In his classic 1970 study order kamagra oral jelly us erectile dysfunction treatment can herbal remedies help, Campbell reported natural history data obtained from necropsy and clinical records on 465 patients with coarctation (40) 100 mg kamagra oral jelly amex impotence unani treatment in india. Only subjects who survived the first year of life were evaluated generic kamagra oral jelly 100mg with mastercard erectile dysfunction 19 year old male, excluding infants with critical coarctation. The most common causes of death were congestive heart failure (26%), aortic rupture (21%), endocarditis (18%), and intracranial hemorrhage (12%). Given such a poor prognosis untreated, it is apparent that intervention is indicated in virtually all patients with coarctation of the aorta. Presentation in Infancy Coarctation presenting with heart failure in infancy requires immediate treatment. Medical management consists of initially stabilizing the patient with inotropic support. A critically ill newborn also may benefit from prostaglandin E1 to promote ductal patency and improve perfusion of the descending aorta, renal, and mesenteric beds (41). Metabolic disturbances such as acidosis, hypothermia, hypoglycemia, or anemia must be treated promptly. After a brief period of medical management to stabilize the child, definitive repair should be performed (42). In experienced centers, the mortality rate for surgical repair of isolated coarctation in infancy is very low (43,44,45,46,47,48,49,50,51). The surgical risks are higher for infants with coarctation who have associated major intracardiac anomalies. Nevertheless, after a period of medical stabilization, early coarctation repair is indicated in these children. The surgical mortality rate for these infants ranges from 2% to 10% and is highest for children with the most complex intracardiac defects (43,44,45,46,48,51). The need for intracardiac repair (or pulmonary artery banding) at the time of coarctation repair is not always clear. In some circumstances, coarctation repair alone is sufficient and may improve the pathophysiology of the associated lesion. For example, following repair of coarctation an infant with a ventricular septal defect may demonstrate a diminished left-to-right shunt and resolution of heart failure. Subsequently, some will experience spontaneous diminution in size of the ventricular septal defect sufficient to avoid future intracardiac surgery. Modest hypoplasia of the aortic arch, aortic or mitral valves may improve in follow-up after repair of coarctation in the newborn (52). Intracardiac repair at the time of coarctation repair is appropriate in infants with a large ventricular septal defect, or more complex lesions such as d-transposition or double-outlet right ventricle (53,54). Presentation in Childhood Coarctation more commonly presents in childhood or adolescence as upper extremity hypertension and/or a heart murmur without overt symptoms. Coarctation repair is commonly recommended at 6 months to 2 years of age in asymptomatic children without severe upper-extremity hypertension. First, the risk for late recurrence of coarctation appears to be increased when repair is performed on young infants (43,44,45,55,56,57,58,59). The influence of age at repair on restenosis is explained in part by the smaller diameter of the surgical anastomosis when repair is performed in younger children (60). Second, even in the absence of residual stenosis, there is an increased risk for persistent hypertension and early atherosclerotic cardiovascular disease if coarctation repair is delayed into late childhood and adolescence (61). In a long-term follow-up study of 234 patients, the prevalence of late hypertension was 6% in patients who underwent coarctation repair between 1 and 5 years of age compared with 30% to 50% in patients whose coarctation was repaired at an older age (62). An informative, retrospective follow-up study (58) used multivariate analysis to assess influence of age at operation on composite outcomes of survival, residual hypertension, and recurrent stenosis. The study concluded that these outcomes are optimized if elective coarctation repair is performed at approximately 1. Surgical Repair Several surgical techniques have been used to repair aortic coarctation, and each has advantages and disadvantages. Surgical approaches to coarctation include resection and end-to-end anastomosis, subclavian flap aortoplasty, prosthetic patch aortoplasty, and bypass grafts between the ascending and descending aorta. Surgical repair of isolated coarctation generally is performed through a left lateral thoracotomy incision. If necessary, as when combined with repair of an intracardiac lesion, coarctation repair can be performed from an anterior approach. Regardless of the surgical technique used, most children with a discrete coarctation will have a residual resting systolic pressure gradient under 10 mm Hg immediately after repair. The mortality rate for surgical coarctation repair varies depending on patient age and associated lesions. The surgical mortality for repair of isolated coarctation in infants and older children currently approaches 0% (48,49,59), rises to 2% to 10% for infants with an associated large ventricular septal defect, and is higher in the presence of more complex intracardiac lesions (51). Surgical morbidity includes postoperative paradoxical hypertension, spinal cord ischemia and paralysis, recurrent laryngeal or phrenic nerve injury, chylothorax, bleeding, and infection. Paradoxical hypertension (the postcoarctectomy syndrome) may occur during the first 2 to 5 days following coarctation repair, with systolic and diastolic pressures rising above pretreatment levels (63). The mechanism is related to rebound activation of the sympathetic nervous system and the renin–angiotensin system which leads to mesenteric arterial vasoconstriction. Postoperative paradoxical hypertension can be prevented with beta-blocker therapy (64) and by aggressive antihypertensive therapy during the immediate postoperative period. Spinal cord injury and subsequent paralysis may occur if aortic cross-clamping severely compromises perfusion to the descending aorta and spinal arteries. It is avoided by ensuring adequate descending aorta perfusion when the aorta is cross-clamped, limiting total cross-clamp time to under 30 minutes, minimizing the number of intercostal arteries sacrificed, avoiding hyperthermia, and using hypothermia if necessary (65). Left heart bypass may be necessary in some patients to maintain adequate descending aorta perfusion when the aorta is cross-clamped. Surgical repair of coarctation of the aorta was first reported in 1945 by Crafoord and Nylin (66), who described the technique of resection and end-to-end anastomosis (Fig. In most centers, this procedure remains the surgical treatment of choice for patients with a discrete coarctation. An extended end-to-end anastomosis using a broader longitudinal incision across the proximal aorta (Fig. The advantages of resection include removal of the coarcted segment and adjacent areas of ductal tissue, avoidance of prosthetic materials, and sparing the left subclavian artery in most instances. Disadvantages of resection relate primarily to the presence of a circumferential suture line, which led to a high incidence of restenosis in early studies. The use of interrupted and absorbable sutures anteriorly and an extended anastomosis in patients with isthmus or arch hypoplasia have improved clinical outcomes after resection in more recent studies (48,49,53,59,67). For infants with arch hypoplasia a technique referred to as aortic arch advancement, similar to that used in interrupted aortic arch repairs, also has led to improved outcomes in some centers (68). Prosthetic patch aortoplasty was the second surgical technique described for coarctation repair, by Vosschulte (69) in 1961. A longitudinal incision is made across the coarctation and the area is enlarged with a patch of prosthetic material such as Dacron or Gore-Tex (Fig.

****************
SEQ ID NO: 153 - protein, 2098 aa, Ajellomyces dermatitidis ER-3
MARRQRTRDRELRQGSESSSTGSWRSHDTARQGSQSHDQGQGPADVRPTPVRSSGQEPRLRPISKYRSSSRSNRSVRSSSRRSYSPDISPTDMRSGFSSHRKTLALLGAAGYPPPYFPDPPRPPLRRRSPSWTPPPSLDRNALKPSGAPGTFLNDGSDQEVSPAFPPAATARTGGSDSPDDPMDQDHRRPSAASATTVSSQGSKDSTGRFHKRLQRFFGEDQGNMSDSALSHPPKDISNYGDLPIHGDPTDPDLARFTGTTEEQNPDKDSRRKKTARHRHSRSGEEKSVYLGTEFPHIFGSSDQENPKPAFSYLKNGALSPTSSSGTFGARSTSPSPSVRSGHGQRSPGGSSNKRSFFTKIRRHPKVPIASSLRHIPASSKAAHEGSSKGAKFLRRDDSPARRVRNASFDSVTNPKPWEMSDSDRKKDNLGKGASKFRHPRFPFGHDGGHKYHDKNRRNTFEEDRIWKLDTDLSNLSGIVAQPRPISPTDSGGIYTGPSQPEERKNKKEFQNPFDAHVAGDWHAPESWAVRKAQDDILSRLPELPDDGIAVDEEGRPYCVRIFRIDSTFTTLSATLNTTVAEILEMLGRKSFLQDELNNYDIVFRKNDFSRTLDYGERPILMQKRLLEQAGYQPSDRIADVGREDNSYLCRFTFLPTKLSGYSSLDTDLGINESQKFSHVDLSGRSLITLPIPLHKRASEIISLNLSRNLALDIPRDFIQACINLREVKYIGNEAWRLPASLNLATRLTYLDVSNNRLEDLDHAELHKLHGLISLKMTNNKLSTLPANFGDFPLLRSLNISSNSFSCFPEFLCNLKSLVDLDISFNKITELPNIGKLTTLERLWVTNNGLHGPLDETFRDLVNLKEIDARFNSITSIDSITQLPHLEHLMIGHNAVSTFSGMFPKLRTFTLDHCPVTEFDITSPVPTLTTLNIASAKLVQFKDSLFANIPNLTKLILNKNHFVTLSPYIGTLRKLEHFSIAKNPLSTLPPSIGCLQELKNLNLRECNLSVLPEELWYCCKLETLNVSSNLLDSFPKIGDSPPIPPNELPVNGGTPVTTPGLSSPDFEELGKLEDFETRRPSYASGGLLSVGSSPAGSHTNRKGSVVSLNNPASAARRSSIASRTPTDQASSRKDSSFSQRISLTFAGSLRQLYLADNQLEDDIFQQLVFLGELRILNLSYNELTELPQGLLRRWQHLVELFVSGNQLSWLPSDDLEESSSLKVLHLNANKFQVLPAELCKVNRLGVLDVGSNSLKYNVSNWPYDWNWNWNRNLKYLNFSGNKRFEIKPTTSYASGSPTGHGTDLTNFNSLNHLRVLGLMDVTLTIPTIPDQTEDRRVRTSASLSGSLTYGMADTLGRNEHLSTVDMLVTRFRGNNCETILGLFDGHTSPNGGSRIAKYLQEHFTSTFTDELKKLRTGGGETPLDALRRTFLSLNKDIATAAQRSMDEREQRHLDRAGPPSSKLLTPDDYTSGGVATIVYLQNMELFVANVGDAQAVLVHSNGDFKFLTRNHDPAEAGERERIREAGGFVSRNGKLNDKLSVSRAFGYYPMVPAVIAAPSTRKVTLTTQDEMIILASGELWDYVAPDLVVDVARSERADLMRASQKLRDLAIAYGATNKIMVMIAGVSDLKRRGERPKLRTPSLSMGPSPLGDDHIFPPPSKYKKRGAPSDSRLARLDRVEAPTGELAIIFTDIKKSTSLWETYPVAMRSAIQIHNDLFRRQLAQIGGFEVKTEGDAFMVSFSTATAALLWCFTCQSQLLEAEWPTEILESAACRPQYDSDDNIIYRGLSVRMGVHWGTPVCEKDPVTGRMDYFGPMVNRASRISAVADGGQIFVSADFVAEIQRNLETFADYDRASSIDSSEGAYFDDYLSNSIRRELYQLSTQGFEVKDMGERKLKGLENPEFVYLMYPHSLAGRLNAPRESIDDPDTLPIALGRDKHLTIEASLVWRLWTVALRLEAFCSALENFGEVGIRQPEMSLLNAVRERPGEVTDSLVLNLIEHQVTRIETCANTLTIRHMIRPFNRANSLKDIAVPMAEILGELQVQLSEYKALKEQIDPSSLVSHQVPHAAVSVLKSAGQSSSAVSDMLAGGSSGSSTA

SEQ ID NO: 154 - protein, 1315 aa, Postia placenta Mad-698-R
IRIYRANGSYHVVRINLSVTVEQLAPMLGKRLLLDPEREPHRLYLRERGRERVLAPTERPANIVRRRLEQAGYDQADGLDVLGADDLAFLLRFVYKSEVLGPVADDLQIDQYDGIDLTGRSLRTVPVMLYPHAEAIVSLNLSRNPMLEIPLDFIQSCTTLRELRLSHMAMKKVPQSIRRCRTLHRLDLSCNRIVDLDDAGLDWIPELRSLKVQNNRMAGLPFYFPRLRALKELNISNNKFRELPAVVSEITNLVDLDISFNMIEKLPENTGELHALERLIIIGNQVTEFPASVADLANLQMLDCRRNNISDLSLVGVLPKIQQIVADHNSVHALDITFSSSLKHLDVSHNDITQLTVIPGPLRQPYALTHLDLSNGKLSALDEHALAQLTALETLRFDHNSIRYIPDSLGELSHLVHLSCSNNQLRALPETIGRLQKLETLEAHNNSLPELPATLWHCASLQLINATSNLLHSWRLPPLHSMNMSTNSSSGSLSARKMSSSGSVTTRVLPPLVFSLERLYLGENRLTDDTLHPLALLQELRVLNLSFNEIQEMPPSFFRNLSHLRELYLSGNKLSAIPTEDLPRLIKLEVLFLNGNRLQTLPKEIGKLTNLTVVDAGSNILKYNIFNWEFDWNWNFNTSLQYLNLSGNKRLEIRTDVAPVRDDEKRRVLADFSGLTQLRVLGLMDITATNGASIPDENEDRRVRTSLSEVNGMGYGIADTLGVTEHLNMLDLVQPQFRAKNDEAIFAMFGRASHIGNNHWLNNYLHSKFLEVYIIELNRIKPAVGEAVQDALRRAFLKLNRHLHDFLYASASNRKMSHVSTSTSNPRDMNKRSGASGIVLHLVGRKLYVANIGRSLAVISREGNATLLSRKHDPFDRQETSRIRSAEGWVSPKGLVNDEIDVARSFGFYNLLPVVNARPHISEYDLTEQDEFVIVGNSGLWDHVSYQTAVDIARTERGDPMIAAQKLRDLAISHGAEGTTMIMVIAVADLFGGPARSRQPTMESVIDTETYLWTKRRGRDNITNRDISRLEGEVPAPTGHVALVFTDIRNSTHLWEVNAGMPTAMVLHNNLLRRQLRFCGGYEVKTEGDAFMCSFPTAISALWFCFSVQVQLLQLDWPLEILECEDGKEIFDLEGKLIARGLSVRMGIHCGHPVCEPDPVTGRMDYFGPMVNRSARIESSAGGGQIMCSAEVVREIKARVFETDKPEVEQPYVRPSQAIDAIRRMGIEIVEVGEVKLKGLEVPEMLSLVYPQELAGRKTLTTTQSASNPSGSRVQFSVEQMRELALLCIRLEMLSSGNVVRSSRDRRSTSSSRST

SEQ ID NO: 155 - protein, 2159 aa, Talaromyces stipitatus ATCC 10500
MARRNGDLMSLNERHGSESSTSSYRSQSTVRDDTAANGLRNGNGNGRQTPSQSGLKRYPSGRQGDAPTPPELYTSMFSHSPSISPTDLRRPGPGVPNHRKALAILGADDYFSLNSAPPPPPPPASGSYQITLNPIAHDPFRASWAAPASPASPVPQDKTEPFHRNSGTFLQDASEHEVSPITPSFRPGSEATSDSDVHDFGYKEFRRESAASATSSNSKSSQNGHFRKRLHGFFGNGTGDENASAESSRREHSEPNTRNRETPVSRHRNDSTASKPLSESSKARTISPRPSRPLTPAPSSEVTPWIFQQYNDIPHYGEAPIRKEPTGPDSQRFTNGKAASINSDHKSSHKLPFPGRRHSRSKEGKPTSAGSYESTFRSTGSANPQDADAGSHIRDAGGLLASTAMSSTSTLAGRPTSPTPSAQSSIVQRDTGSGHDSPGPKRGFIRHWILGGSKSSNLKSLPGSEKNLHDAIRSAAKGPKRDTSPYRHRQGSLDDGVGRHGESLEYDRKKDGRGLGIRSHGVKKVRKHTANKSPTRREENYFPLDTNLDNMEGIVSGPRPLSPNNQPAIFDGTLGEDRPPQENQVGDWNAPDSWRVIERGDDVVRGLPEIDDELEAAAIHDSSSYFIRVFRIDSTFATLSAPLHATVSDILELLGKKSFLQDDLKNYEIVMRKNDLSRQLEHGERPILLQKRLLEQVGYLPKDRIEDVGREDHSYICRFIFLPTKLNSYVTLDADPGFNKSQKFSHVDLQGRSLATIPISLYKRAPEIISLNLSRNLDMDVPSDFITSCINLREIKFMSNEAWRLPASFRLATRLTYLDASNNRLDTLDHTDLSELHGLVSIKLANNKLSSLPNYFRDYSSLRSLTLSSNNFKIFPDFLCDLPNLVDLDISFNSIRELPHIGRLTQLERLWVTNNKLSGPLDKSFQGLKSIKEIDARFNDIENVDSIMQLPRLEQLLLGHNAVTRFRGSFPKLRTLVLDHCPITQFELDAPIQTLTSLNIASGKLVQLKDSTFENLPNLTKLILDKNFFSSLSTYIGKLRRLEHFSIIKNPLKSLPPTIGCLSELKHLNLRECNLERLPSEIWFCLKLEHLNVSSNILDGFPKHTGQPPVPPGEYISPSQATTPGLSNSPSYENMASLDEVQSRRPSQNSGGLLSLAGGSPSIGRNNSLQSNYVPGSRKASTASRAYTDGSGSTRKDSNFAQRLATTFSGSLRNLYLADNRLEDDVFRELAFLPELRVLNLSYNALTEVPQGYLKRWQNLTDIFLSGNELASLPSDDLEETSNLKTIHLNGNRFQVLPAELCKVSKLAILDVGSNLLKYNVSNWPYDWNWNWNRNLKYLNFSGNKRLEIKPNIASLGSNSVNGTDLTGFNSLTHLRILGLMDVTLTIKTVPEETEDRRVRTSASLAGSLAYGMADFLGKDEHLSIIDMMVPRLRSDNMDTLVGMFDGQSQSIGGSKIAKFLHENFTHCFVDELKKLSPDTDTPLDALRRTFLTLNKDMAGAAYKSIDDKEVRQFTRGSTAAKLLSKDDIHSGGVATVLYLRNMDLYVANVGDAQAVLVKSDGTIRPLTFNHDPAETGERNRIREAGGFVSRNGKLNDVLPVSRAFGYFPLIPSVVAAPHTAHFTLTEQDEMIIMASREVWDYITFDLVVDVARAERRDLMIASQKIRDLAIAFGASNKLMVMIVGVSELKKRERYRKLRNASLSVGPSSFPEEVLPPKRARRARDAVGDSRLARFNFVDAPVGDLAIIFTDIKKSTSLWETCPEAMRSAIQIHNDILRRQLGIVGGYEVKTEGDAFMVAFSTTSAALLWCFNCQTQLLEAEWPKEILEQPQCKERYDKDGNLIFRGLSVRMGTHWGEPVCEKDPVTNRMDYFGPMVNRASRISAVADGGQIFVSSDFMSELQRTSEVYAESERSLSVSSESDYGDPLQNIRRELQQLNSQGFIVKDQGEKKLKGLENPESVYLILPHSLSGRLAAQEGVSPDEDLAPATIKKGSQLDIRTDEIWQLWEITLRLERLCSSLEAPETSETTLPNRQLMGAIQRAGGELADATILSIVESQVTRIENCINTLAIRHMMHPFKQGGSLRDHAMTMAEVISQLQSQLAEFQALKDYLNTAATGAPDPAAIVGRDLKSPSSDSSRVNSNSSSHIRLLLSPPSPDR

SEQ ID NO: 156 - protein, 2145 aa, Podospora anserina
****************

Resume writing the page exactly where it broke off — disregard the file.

Immediately after commencing all patients with the aim to preserve as much myocardium bypass order genuine kamagra oral jelly on-line erectile dysfunction at age 64, the tourniquets that have already been placed around as possible 100mg kamagra oral jelly with mastercard erectile dysfunction pump australia. It is possible that an extremely small subset of the right and left pulmonary arteries should be tightened patients with profoundly depressed ventricular function and (Fig 100mg kamagra oral jelly amex erectile dysfunction pills in india. This very important step was frst described relatively recently and serves several important functions. With early diag- First, there is always some collateral connection between the nosis and application of the techniques described below this two coronary systems. In addition, blood passing into the left coronary system and pulmonary artery will pass through the pulmonary veins History of Surgery into the left atrium and left ventricle. Distention of the heart must be assiduously avoided early palliative operations was to increase pulmonary artery during the procedure. A vent should be inserted through the pressure and thereby increase coronary perfusion pressure. If there is any diffculty achieving this an an aortopulmonary window, were attempted. Unfortunately, there was a ten- visualizing the external course of the anomalous coronary. Cardioplegia solution is infused Anomalies of the Coronary Arteries 667 into the root of the aorta only. Although some have recom- wall fap, are sutured together using continuous 7/0 Prolene mended simultaneous infusion of cardioplegia solution into (Fig. It should not be necessary to mobilize any more the pulmonary artery root, we have observed satisfactory than 2–3 mm of the actual left main coronary artery, which blanching of the left ventricle using aortic delivery of car- is frequently surrounded by enlarged venous and arterial col- dioplegia only. In fact, the pulmonary artery root is soon seen lateral vessels that can be an important source of bleeding if to fll with clear cardioplegia solution and equilibrate with they are divided as part of the mobilization. The donor site in aortic root pressure, the latter phenomenon also having been the anterior wall of the ascending aorta is reconstructed with observed during the cooling phase on bypass. If Pulmonary Artery Reconstruction adequate visualization is not achieved at any time during the In the neonate it is generally possible to reconstruct the procedure because of collateral return, deep hypothermic divided main pulmonary artery by direct reanastomosis. This necessitates double suture ligation and division of the ductus as well as mobilization of the branch pulmonary Coronary Reimplantation arteries as for an arterial switch procedure. A direct anasto- The surgeon should have carefully studied the preopera- mosis is fashioned using continuous 6/0 Prolene (Fig. If the ostium is close to the aortic side of the pulmo- sionally, it is advisable to use a very short tube of homograft nary artery it may be possible to simply rotate the button and of appropriate diameter (e. However, the ostium often lies toward the Careful venting of the left heart throughout the rewarming leftward edge of the main pulmonary artery and is therefore period is just as important as during the cooling phase. When a considerable distance, that is, the width of the main pul- cardiac action is re-established, generally coincident with monary artery from the ascending aorta. The ostium is also the administration of calcium, venting may be cautiously not uncommonly below the tops of the commissures of the discontinued as left atrial pressure is carefully monitored. Therefore, faps of aortic and pulmonary Appropriate inotropic support, generally with dopamine, artery wall should be developed in order to allow a tension- should already be established. If the left ventricle is unable free anastomosis to the aorta using a coronary extension to handle the left heart return on bypass, as indicated by a developed from the aortic and pulmonary artery faps (Fig. The reconstructed left main coronary artery will run re-established, and arrangements should be made to assist posterior to the reconstructed main pulmonary artery. Likewise, if weaning from bypass is only initial transverse incision anteriorly in the main pulmonary possible with very high levels of inotropic support and high artery is made a millimeter or two above the anticipated level left atrial pressure, left ventricular assistance should be seri- of the anomalous ostium. However, tial that a left ventricular vent be connected into the venous for the reimplantation procedure a button is excised. If the drainage system to ensure that the left heart remains decom- ostium lies below the top of the leftward commissure of the pressed. The vent can be placed directly into the left heart pulmonary valve it may be necessary to detach this commis- from the right pulmonary veins or across the atrial septum sure and subsequently to reattach it to reconstruct the pulmo- from the right atrium. It is generally best to divide the main pulmonary ventricular function can be observed within 48–72 hours, artery completely at the level that the fap has been developed at which time the left heart vent can be clamped and then in order to minimize distortion of the pulmonary artery fol- removed. A second fap of aortic wall based on the leftward this should be possible within 5–6 days at most. It is important The technique of repair of the anomalous left coronary artery that the initial transverse incision be the higher of the two by reimplantation in the aorta was introduced by Neches et so that the tops of the commissures of the aortic valve are al. The two faps, that is the innovative methods for achieving aortic implantation of the anterior pulmonary artery wall fap and the posterior aortic anomalous left coronary artery in 11 patients. There were no 668 Comprehensive Surgical Management of Congenital Heart Disease, Second Edition operative or late deaths. Follow-up for a mean period of 46 true coronary circulation, almost all patients recovered to a months revealed no new angina or infarction, improved ven- normal end-diastolic volume reaching near normal values tricular function and decreased mitral regurgitation. In a follow-up report from in the reconstructed coronary systems was demonstrated by Children’s Hospital Boston, Schwartz et al. The authors as noted in the title of their article – that “aortic implantation concluded that the degree of preoperative mitral regurgita- is possible in all cases of anomalous origin of the left coro- tion was predictive of outcome whereas the severity of pre- nary artery to the pulmonary artery. Hospital survival was had direct aortic implantation with a 13% hospital mortal- 92%. It is cant improvement in mean ejection fraction from 33% preop- important to note that the median age at surgery in this series eratively to 64% postoperatively. Left ven- before corrective surgery, at long-term follow-up scar tissue tricular shortening Z score was not normal at discharge but 31 is relatively scarce. Others reports have also documented excellent results, Use of Ventricular Assist Device including Backer et al. Seven patients were placed on mechanical required repair or replacement a mean of 3. There were no deaths among 12 patients operated on at a Associated Anomalies median age of 3. In patients who were able to achieve a increase pulmonary artery saturation are likely to be asso- Anomalies of the Coronary Arteries 669 ciated with an improved natural history relative to patients while 21 had associated lesions, including coronary artery with normal pulmonary artery pressure and saturation. This rare variation requires par- Coronary artery fstulas are an important component of ticularly careful preoperative diagnosis and surgical manage- pulmonary atresia with intact ventricular septum, in which ment. At Children’s National Medical Center we encountered they can be associated with proximal coronary artery steno- three such patients in a 6-month period. In this setting, the fstulas may provide the only blood had associated tetralogy of Fallot with minimal outfow tract supply (derived from the hypertensive right ventricle) to a obstruction so that there were minimal signs of left ventricu- signifcant portion of the left ventricle. Intraoperative diagnosis was suggested that a similar situation may be present in children particularly challenging because by direct inspection the left with mitral stenosis and aortic atresia as part of the hypoplas- main coronary artery appeared to run in the usual location tic left heart syndrome. Surgical transfer from the right the signifcance of associated coronary artery fstulas, are pulmonary artery to the aorta was also compromised by the discussed in greater detail in other chapters. We also encountered this The regenerative capacity of immature myocardium by anomaly in several patients, always in the setting of severe hyperplasia in the frst months of life mandates early diag- hypoplasia of the true pulmonary arteries and dependency on nosis and establishment of a dual coronary system for multiple aortopulmonary collaterals. Coronary artery translocation with aortic implan- tation is today the procedure of choice. Patients seen after the age of 25 years are almost always symptomatic with angina, congestive Isolated congenital coronary fstulas are exceedingly rare.